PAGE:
It happens all the time. You purchase a new piece of software and go to install it. Part way through the process, everything locks up, you get an error, or things just plain old don’t work.
Or maybe it installs just fine, but when you go to run it, you end up with either an error message or nothing happens.
What can you do?
If you’re having trouble installing the software, read on.
Running the setup program
Most people expect the CD to automatically run when they put it in the CD ROM drive. Unfortunately, not every manufacturer out there has an “autorun” file on the CD, so sometimes you’ll need to activate the setup program yourself.
Usually you can do this by hitting the Start button, Run, then typing the following into the Run line:
Hit Enter and the setup program should start. The above example assumes that your CD ROM is drive letter “D” (most are). If it’s not, you’ll need to substitute your drive letter for drive the drive “D” example shown above.
To determine your drive letter, open My computer. You should see your CD ROM drive there and it should show you a drive letter.
If that doesn’t work, try this:
With the CD in the drive, open the My Computer icon on your desktop and then the CD ROM. Find a program labeled Setup or Setup.exe and click it.
Reading the Read Me File
If you run into a problem during setup, you may want to check the program’s Readme file. It’s usually a text file that’s included on the CD ROM and they generally have lots of great trouble shooting information included.
Normally, just go to My Computer, right-click your CD ROM drive, Explore. Look for a file named “Readme” and double-click it to view.
Avoid any conflicts
The most common reason for a piece of software not installing is that another program is interfering with it.
In order to make sure that isn’t happening, shut down all the stuff in your system tray. Usually if you right-click an icon with your mouse you’ll get a menu that lets you shut it down.
After you have a “clean” system tray, try running the install program again and see if it goes.
Note that anti-virus programs can sometimes cause a problem, so you may want to disable any anti-virus protection you have running – if you’re installing from a CD ROM.
If you’re installing from an Internet download is not a good idea to do so without your anti-virus software running, so only do it if you’re 110% sure the file doesn’t contain a virus.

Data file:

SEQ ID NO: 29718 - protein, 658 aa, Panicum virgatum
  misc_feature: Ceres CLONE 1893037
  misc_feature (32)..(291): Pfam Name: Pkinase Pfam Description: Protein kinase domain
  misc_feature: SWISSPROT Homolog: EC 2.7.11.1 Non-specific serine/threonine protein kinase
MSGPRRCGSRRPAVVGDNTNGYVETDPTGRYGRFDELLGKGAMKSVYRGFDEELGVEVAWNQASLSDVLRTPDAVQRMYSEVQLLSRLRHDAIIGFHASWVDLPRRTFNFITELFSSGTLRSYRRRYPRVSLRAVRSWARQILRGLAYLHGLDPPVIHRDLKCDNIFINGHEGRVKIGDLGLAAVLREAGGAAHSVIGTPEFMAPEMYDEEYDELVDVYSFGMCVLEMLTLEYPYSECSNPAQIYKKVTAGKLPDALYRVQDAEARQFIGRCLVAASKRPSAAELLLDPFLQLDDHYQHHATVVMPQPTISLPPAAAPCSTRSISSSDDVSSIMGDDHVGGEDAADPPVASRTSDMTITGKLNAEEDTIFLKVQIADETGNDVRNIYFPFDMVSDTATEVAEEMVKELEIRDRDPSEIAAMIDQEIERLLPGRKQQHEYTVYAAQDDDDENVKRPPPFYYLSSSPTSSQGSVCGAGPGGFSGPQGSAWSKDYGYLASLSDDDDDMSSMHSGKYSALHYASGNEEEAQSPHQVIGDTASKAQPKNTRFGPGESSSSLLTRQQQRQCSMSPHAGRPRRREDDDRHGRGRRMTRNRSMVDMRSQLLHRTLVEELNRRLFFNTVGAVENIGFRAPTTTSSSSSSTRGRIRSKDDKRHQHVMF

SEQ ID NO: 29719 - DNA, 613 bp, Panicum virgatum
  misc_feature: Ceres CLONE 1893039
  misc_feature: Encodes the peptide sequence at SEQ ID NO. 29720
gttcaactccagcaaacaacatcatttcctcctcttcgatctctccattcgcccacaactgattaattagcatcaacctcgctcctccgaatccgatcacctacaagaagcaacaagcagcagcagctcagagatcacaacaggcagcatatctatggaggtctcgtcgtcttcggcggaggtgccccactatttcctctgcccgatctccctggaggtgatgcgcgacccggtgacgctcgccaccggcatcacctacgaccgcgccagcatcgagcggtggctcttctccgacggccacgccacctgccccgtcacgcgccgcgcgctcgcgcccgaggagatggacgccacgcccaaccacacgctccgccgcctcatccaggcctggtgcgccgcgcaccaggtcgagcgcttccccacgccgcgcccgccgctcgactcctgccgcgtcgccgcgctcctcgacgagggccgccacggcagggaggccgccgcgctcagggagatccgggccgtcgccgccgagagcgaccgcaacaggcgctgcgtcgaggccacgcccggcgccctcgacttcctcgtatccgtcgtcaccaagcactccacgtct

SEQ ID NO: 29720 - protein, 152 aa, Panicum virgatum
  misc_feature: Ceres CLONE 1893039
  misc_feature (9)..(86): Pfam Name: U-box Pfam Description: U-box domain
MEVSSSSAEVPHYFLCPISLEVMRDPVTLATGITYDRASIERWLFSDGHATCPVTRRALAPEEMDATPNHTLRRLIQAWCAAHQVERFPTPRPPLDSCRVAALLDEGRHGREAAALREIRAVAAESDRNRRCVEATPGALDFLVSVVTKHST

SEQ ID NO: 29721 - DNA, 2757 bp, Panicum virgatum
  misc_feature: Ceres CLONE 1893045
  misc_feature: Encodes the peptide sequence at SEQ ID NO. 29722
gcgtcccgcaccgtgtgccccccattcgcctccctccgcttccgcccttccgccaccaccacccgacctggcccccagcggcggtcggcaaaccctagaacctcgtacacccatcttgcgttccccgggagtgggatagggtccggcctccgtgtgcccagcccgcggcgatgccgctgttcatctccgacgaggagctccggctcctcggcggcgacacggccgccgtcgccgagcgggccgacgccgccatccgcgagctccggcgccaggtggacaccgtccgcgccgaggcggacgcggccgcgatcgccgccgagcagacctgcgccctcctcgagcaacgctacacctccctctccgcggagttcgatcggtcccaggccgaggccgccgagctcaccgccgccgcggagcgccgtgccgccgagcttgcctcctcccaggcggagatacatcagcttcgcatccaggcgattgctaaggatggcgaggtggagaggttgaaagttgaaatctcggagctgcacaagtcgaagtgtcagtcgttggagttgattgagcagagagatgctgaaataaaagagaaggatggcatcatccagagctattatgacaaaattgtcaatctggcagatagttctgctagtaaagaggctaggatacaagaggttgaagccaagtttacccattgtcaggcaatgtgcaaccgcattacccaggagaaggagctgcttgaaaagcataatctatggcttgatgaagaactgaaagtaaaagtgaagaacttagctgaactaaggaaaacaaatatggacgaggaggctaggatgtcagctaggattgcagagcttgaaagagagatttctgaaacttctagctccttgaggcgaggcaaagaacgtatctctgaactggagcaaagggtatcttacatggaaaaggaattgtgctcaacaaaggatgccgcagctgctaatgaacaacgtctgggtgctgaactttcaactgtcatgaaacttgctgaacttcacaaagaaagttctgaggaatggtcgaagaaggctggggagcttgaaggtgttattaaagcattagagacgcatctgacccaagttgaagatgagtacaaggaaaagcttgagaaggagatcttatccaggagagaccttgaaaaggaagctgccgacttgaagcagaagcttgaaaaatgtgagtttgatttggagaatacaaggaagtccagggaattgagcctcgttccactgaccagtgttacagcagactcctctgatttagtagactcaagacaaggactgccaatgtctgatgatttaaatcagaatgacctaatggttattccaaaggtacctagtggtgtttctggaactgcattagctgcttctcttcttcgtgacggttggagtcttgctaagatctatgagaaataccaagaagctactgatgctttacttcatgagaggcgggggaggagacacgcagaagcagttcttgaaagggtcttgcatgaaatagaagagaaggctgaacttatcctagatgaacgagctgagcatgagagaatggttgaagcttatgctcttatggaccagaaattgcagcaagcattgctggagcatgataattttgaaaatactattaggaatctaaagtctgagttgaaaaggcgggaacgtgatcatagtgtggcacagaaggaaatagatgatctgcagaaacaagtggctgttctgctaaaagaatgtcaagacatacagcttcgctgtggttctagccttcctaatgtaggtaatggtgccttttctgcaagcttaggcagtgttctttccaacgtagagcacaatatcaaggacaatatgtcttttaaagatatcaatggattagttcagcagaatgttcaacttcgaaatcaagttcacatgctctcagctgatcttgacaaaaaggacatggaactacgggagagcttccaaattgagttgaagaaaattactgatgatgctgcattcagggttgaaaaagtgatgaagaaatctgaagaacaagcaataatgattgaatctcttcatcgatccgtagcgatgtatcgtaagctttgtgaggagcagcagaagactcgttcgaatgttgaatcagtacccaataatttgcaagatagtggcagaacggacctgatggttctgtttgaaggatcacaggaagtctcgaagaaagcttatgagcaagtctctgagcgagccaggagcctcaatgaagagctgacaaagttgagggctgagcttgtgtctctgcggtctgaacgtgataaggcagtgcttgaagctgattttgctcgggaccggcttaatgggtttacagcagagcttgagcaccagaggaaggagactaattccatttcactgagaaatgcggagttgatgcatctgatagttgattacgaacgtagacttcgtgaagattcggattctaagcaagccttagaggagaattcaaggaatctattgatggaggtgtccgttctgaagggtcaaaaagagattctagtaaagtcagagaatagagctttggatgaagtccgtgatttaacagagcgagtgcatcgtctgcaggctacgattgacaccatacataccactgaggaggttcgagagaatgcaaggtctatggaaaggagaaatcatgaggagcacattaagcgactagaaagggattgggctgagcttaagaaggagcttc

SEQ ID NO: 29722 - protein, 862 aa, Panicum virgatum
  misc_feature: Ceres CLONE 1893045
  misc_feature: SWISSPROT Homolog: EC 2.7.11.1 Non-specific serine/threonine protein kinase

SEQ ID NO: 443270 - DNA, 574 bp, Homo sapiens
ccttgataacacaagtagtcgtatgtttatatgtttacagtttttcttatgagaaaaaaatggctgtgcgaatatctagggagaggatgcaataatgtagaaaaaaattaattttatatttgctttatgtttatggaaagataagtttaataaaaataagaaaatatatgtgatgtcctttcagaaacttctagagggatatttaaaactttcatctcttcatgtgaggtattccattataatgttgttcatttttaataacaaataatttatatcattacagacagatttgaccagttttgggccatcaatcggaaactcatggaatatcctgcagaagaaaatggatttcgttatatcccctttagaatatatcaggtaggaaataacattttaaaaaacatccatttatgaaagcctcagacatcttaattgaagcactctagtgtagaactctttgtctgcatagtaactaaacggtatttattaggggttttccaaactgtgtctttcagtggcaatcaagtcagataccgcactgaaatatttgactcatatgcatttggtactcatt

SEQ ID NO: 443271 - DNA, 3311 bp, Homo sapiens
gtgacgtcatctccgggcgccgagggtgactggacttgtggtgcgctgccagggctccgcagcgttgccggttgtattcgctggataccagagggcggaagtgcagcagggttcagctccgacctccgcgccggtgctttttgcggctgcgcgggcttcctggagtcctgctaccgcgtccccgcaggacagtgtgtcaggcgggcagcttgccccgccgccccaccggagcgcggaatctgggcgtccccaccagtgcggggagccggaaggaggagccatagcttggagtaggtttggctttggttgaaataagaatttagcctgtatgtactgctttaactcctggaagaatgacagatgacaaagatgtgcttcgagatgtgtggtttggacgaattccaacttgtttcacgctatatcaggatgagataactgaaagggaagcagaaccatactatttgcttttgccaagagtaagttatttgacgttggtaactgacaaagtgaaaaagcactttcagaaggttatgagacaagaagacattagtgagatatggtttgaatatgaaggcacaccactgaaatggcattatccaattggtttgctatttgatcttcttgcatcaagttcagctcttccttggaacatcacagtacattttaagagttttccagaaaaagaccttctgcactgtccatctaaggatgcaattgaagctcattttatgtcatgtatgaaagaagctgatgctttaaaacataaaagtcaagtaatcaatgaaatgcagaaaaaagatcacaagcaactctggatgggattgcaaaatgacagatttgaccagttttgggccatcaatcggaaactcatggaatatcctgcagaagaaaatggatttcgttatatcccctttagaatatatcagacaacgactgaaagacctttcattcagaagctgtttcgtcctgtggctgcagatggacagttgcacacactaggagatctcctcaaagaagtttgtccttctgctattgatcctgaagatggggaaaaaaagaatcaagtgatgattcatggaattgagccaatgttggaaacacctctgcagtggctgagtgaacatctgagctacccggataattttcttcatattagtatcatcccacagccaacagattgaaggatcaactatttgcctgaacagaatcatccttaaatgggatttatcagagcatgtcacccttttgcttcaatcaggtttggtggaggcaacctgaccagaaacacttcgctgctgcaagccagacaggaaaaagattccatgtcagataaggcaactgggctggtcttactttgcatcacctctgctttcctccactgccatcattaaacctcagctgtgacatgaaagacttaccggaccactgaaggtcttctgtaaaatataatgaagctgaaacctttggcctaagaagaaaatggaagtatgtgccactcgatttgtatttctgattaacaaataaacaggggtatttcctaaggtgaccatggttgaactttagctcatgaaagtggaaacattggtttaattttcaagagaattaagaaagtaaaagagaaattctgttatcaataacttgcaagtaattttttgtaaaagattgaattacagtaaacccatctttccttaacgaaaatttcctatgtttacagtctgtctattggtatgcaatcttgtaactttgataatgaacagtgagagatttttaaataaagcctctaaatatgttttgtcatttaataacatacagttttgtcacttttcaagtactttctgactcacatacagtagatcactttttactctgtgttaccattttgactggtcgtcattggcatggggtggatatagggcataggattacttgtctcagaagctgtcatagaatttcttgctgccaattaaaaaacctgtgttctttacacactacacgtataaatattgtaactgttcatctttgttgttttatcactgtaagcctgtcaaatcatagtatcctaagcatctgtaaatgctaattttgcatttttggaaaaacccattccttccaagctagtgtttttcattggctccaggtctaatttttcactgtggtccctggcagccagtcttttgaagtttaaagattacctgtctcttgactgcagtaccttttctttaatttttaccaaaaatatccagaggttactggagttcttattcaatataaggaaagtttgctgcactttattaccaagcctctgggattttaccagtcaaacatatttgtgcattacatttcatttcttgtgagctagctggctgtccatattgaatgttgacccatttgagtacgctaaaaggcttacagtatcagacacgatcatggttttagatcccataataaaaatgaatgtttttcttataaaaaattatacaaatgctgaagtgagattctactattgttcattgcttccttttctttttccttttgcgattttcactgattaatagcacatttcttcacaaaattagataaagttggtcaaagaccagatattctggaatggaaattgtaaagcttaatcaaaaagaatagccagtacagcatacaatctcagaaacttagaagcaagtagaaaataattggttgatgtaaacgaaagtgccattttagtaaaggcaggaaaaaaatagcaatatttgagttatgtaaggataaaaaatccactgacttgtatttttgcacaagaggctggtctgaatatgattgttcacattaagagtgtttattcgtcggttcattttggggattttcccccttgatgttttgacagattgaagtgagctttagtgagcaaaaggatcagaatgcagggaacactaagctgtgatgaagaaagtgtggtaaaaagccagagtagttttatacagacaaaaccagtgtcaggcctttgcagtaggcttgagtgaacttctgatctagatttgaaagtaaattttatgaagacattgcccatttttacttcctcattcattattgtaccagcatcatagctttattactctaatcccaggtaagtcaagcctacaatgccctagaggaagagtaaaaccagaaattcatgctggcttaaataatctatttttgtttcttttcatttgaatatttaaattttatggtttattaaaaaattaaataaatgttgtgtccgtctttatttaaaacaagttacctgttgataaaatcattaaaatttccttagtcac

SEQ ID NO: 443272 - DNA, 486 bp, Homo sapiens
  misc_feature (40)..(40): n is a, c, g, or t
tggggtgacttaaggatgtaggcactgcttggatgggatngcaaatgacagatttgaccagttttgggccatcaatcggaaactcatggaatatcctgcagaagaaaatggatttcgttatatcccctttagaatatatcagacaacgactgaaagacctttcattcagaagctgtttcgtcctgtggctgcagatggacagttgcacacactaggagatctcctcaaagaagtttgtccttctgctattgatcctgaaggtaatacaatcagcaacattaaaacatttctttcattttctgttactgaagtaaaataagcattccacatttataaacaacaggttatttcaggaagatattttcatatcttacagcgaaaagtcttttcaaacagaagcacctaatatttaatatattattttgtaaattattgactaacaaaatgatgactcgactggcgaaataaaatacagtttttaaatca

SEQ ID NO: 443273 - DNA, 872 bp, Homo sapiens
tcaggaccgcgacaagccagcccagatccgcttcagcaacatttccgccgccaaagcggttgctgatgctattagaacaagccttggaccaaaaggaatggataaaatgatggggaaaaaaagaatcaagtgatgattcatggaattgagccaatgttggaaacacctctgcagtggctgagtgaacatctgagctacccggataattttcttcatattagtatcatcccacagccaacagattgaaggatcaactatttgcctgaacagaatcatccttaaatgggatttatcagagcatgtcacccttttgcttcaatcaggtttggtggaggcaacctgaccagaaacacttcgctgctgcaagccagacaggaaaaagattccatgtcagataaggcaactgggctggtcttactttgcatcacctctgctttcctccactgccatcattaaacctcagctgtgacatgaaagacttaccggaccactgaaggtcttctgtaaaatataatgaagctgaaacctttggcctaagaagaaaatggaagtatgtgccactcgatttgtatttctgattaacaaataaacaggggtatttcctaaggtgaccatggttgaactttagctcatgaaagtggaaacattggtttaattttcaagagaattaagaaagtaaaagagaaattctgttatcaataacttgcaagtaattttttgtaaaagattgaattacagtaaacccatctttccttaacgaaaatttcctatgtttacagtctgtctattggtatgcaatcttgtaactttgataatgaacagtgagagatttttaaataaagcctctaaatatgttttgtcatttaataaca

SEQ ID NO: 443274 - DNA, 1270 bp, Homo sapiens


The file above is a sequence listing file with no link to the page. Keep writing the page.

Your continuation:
If you are still having problems, you may have something else running in the background. Hit CTRL-ALT-DEL and shut down (end task) everything but Explorer and Systray.
You may run into another program or two that will shut the whole works down, so pay attention as your shutting stuff down so that you can leave that particular program running the next time you do the shut down thing.
Once you have everything shut down that you possibly can, try running the install again. Hopefully this will do it.
But if not…
Check the CD
Make sure the CD is clean and relatively free from imperfections.
If it has a big scratch in it, you’re probably out of luck and will need to return it for a replacement or a refund.
If it has some grime or finger prints on it, try cleaning it off with a soft cloth. Some CDs are still packaged by “real” people, so a quick cleaning may do the trick.
If you’re running out of ideas, you may want to try running the install program from safe mode.
To get to Safe mode, press the F8 key when Windows starts to boot. You have to do this BEFORE you see the first “Windows” screen. I start tapping away at mine when I see the “Starting Windows 98” message, although not all computers display it. Experiment and you’ll get it.
Note that this is better suited for software that you have downloaded or have on 3.5 floppy disks than CD software, since your CD ROM won’t run under Safe Mode.
Now, there is a way around this. If you copy the CD to your hard manually you may be able to run the install from setup. Just make a folder on your hard drive and copy the contents of the CD to it. Try running the install from your hard drive in Safe Mode and see if that does it.
Let’s say you’ve tried all the stuff above but you still can’t get it to run. Then what?
Well, most manufactures have web sites that can help. Try heading to their site and looking for a troubleshooting FAQ or a Knowledge base. Some companies even have message boards you can post your question at.
Most of the time, you’ll find the web site somewhere on the software packaging or on the disk itself. If you can’t, try typing in www.manufacturer.com, where manufacturer is the name of the company that makes the software.
If that fails, try typing in the name of the software or the manufacturer in a search engine. I’ve found lots of hard to locate companies that way.
Once you’re on the site, if you come up dry for tech support, look for a contact phone number or e-mail.
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